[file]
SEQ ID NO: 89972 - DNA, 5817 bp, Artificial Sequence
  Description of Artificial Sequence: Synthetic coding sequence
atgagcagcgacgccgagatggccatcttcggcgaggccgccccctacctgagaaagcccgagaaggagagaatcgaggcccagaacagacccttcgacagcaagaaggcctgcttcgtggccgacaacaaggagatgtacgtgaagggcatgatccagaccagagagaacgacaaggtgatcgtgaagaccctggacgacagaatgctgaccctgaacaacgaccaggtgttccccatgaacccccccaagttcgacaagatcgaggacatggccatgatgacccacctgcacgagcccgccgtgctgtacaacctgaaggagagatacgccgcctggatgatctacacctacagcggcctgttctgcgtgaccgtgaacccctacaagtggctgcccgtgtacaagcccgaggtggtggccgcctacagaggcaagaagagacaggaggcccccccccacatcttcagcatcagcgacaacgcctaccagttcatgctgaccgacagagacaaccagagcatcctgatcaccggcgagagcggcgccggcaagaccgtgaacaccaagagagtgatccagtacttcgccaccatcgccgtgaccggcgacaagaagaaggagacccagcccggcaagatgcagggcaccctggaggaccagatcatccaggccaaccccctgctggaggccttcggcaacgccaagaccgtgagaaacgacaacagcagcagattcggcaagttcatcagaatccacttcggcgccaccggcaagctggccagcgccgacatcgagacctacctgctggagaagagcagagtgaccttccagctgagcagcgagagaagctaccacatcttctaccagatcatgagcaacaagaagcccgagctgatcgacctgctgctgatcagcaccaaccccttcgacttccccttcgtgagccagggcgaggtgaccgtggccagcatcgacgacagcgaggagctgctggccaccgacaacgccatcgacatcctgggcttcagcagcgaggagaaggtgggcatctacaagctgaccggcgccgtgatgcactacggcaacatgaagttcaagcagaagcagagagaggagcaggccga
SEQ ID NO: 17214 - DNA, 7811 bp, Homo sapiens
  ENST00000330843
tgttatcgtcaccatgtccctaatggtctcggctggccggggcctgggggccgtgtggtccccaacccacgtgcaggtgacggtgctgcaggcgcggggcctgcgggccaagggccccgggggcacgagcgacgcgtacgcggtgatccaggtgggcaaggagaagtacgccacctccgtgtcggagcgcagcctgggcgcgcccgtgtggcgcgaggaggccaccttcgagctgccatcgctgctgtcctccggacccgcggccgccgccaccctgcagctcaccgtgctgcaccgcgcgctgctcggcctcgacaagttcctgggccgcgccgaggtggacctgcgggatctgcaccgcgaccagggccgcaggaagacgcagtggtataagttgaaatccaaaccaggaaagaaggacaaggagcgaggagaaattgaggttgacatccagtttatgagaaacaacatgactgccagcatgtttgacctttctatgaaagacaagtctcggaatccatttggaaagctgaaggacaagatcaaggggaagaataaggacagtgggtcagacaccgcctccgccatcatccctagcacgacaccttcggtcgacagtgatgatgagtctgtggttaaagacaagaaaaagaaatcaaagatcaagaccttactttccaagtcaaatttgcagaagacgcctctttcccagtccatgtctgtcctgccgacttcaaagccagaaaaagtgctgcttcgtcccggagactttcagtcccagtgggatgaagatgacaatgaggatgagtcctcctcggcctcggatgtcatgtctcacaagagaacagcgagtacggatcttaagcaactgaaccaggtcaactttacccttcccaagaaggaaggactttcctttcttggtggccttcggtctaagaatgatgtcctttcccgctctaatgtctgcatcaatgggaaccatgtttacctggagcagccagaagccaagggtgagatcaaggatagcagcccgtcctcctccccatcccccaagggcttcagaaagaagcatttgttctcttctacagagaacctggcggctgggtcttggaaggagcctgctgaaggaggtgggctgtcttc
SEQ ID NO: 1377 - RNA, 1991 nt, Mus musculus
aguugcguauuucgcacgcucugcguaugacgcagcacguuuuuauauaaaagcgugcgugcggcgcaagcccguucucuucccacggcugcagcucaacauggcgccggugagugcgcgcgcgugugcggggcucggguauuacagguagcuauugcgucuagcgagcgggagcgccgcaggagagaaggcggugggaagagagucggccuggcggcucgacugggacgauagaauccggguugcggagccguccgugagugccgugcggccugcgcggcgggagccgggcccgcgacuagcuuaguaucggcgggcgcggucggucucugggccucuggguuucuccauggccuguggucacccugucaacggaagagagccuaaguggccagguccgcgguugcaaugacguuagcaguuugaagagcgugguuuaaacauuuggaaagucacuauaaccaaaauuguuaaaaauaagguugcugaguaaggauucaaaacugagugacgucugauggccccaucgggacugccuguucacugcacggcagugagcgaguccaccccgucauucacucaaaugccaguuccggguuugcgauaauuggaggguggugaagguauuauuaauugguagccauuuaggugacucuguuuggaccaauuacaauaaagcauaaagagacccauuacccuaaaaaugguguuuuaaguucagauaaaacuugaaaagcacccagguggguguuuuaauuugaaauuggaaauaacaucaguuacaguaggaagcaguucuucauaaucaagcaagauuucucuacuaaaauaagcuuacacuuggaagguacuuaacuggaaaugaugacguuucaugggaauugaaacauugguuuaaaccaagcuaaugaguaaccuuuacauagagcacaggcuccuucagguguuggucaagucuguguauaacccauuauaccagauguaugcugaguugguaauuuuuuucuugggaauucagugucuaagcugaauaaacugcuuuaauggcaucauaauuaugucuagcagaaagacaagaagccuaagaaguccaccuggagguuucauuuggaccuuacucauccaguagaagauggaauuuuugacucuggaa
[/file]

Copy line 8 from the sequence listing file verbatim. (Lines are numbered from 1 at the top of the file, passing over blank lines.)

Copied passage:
aguugcguauuucgcacgcucugcguaugacgcagcacguuuuuauauaaaagcgugcgugcggcgcaagcccguucucuucccacggcugcagcucaacauggcgccggugagugcgcgcgcgugugcggggcucggguauuacagguagcuauugcgucuagcgagcgggagcgccgcaggagagaaggcggugggaagagagucggccuggcggcucgacugggacgauagaauccggguugcggagccguccgugagugccgugcggccugcgcggcgggagccgggcccgcgacuagcuuaguaucggcgggcgcggucggucucugggccucuggguuucuccauggccuguggucacccugucaacggaagagagccuaaguggccagguccgcgguugcaaugacguuagcaguuugaagagcgugguuuaaacauuuggaaagucacuauaaccaaaauuguuaaaaauaagguugcugaguaaggauucaaaacugagugacgucugauggccccaucgggacugccuguucacugcacggcagugagcgaguccaccccgucauucacucaaaugccaguuccggguuugcgauaauuggaggguggugaagguauuauuaauugguagccauuuaggugacucuguuuggaccaauuacaauaaagcauaaagagacccauuacccuaaaaaugguguuuuaaguucagauaaaacuugaaaagcacccagguggguguuuuaauuugaaauuggaaauaacaucaguuacaguaggaagcaguucuucauaaucaagcaagauuucucuacuaaaauaagcuuacacuuggaagguacuuaacuggaaaugaugacguuucaugggaauugaaacauugguuuaaaccaagcuaaugaguaaccuuuacauagagcacaggcuccuucagguguuggucaagucuguguauaacccauuauaccagauguaugcugaguugguaauuuuuuucuugggaauucagugucuaagcugaauaaacugcuuuaauggcaucauaauuaugucuagcagaaagacaagaagccuaagaaguccaccuggagguuucauuuggaccuuacucauccaguagaagauggaauuuuugacucuggaa